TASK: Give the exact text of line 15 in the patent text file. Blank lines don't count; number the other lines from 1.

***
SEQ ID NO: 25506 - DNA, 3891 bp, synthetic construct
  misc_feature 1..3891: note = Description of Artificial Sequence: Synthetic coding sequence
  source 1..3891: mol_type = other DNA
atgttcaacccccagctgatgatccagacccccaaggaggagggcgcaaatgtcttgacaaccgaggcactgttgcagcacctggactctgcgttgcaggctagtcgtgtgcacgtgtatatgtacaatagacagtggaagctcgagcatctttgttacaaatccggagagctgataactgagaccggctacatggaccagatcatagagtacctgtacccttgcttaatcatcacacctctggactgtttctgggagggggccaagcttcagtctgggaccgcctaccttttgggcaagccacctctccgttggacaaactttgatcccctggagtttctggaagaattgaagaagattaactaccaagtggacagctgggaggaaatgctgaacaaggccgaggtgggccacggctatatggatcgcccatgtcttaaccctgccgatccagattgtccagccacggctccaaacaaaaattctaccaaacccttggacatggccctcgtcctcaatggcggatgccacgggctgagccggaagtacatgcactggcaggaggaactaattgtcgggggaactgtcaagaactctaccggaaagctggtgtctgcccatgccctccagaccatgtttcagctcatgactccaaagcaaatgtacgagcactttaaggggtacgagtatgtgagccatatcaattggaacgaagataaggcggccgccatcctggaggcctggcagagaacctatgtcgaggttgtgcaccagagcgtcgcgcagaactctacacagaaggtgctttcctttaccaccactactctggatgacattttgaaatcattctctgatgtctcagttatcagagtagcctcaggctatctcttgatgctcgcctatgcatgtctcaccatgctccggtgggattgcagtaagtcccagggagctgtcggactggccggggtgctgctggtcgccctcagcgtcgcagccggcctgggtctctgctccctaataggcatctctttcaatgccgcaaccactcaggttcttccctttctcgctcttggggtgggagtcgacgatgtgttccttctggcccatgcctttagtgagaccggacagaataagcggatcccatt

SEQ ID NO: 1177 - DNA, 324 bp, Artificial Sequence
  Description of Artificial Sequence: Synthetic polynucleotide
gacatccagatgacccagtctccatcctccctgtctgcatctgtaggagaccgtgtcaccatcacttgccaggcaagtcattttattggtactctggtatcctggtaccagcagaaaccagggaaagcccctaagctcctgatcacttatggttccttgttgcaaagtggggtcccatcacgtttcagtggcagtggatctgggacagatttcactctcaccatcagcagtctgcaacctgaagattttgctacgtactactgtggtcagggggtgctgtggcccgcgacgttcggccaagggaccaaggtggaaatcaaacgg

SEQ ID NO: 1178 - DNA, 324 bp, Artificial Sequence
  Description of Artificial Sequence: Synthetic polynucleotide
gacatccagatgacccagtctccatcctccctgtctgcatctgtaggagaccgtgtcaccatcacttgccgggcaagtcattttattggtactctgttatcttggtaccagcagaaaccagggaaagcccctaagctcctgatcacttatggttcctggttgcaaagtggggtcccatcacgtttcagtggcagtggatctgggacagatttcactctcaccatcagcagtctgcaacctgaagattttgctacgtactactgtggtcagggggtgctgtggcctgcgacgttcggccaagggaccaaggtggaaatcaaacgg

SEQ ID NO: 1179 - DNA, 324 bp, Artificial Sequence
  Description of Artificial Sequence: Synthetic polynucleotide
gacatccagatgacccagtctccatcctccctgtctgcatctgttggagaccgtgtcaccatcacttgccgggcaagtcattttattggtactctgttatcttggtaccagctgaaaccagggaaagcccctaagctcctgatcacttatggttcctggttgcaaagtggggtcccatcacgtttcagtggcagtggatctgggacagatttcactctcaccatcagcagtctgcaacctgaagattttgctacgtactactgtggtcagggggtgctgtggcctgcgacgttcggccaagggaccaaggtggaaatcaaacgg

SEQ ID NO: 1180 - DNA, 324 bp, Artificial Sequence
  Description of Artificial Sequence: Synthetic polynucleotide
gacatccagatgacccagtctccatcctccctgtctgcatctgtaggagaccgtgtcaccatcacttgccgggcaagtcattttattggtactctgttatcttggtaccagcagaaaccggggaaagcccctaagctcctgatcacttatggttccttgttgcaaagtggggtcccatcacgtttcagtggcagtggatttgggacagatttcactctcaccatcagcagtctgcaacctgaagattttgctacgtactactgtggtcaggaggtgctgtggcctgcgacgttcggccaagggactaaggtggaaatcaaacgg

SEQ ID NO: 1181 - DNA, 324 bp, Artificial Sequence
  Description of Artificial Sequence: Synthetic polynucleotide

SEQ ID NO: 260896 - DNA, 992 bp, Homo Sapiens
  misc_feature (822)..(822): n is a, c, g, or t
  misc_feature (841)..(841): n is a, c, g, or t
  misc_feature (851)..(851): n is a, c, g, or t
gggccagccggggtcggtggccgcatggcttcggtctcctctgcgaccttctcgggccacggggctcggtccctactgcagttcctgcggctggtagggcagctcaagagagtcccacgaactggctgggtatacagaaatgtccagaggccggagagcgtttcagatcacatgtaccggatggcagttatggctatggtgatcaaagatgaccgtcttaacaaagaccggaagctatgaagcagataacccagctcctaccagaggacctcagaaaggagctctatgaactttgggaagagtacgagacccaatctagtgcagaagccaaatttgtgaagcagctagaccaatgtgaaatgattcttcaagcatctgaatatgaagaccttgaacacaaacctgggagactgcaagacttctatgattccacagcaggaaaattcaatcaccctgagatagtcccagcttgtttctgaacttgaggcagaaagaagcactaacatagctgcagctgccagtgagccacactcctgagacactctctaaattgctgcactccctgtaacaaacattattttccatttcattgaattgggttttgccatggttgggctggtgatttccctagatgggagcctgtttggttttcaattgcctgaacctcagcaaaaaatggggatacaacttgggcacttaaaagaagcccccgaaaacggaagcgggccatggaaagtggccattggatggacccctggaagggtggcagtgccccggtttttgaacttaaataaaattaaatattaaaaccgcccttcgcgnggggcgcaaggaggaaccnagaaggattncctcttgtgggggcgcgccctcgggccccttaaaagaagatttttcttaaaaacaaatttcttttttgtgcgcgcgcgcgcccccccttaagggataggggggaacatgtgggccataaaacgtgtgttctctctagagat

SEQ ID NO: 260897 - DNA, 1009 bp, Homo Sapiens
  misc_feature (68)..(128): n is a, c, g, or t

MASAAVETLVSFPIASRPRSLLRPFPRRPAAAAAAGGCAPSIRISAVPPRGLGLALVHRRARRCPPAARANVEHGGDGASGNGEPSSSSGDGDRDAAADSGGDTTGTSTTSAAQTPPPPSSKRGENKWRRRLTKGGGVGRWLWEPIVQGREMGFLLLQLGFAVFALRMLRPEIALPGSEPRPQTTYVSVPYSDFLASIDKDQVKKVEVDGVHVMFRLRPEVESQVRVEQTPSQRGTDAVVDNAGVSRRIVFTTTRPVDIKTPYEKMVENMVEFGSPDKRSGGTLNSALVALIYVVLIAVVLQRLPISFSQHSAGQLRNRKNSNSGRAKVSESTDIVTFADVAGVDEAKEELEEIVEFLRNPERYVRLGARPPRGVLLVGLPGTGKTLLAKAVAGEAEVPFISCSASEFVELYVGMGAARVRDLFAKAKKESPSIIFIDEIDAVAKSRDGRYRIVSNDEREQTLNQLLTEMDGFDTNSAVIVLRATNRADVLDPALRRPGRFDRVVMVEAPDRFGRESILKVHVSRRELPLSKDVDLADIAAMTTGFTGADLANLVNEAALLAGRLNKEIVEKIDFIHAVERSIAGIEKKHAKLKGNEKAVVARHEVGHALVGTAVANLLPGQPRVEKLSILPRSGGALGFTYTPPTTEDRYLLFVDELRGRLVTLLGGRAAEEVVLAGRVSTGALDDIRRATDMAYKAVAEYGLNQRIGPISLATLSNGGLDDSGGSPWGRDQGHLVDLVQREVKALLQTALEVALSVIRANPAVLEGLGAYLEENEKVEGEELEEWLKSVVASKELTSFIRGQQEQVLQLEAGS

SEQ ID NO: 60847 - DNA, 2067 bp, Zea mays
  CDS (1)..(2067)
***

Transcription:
  Description of Artificial Sequence: Synthetic polynucleotide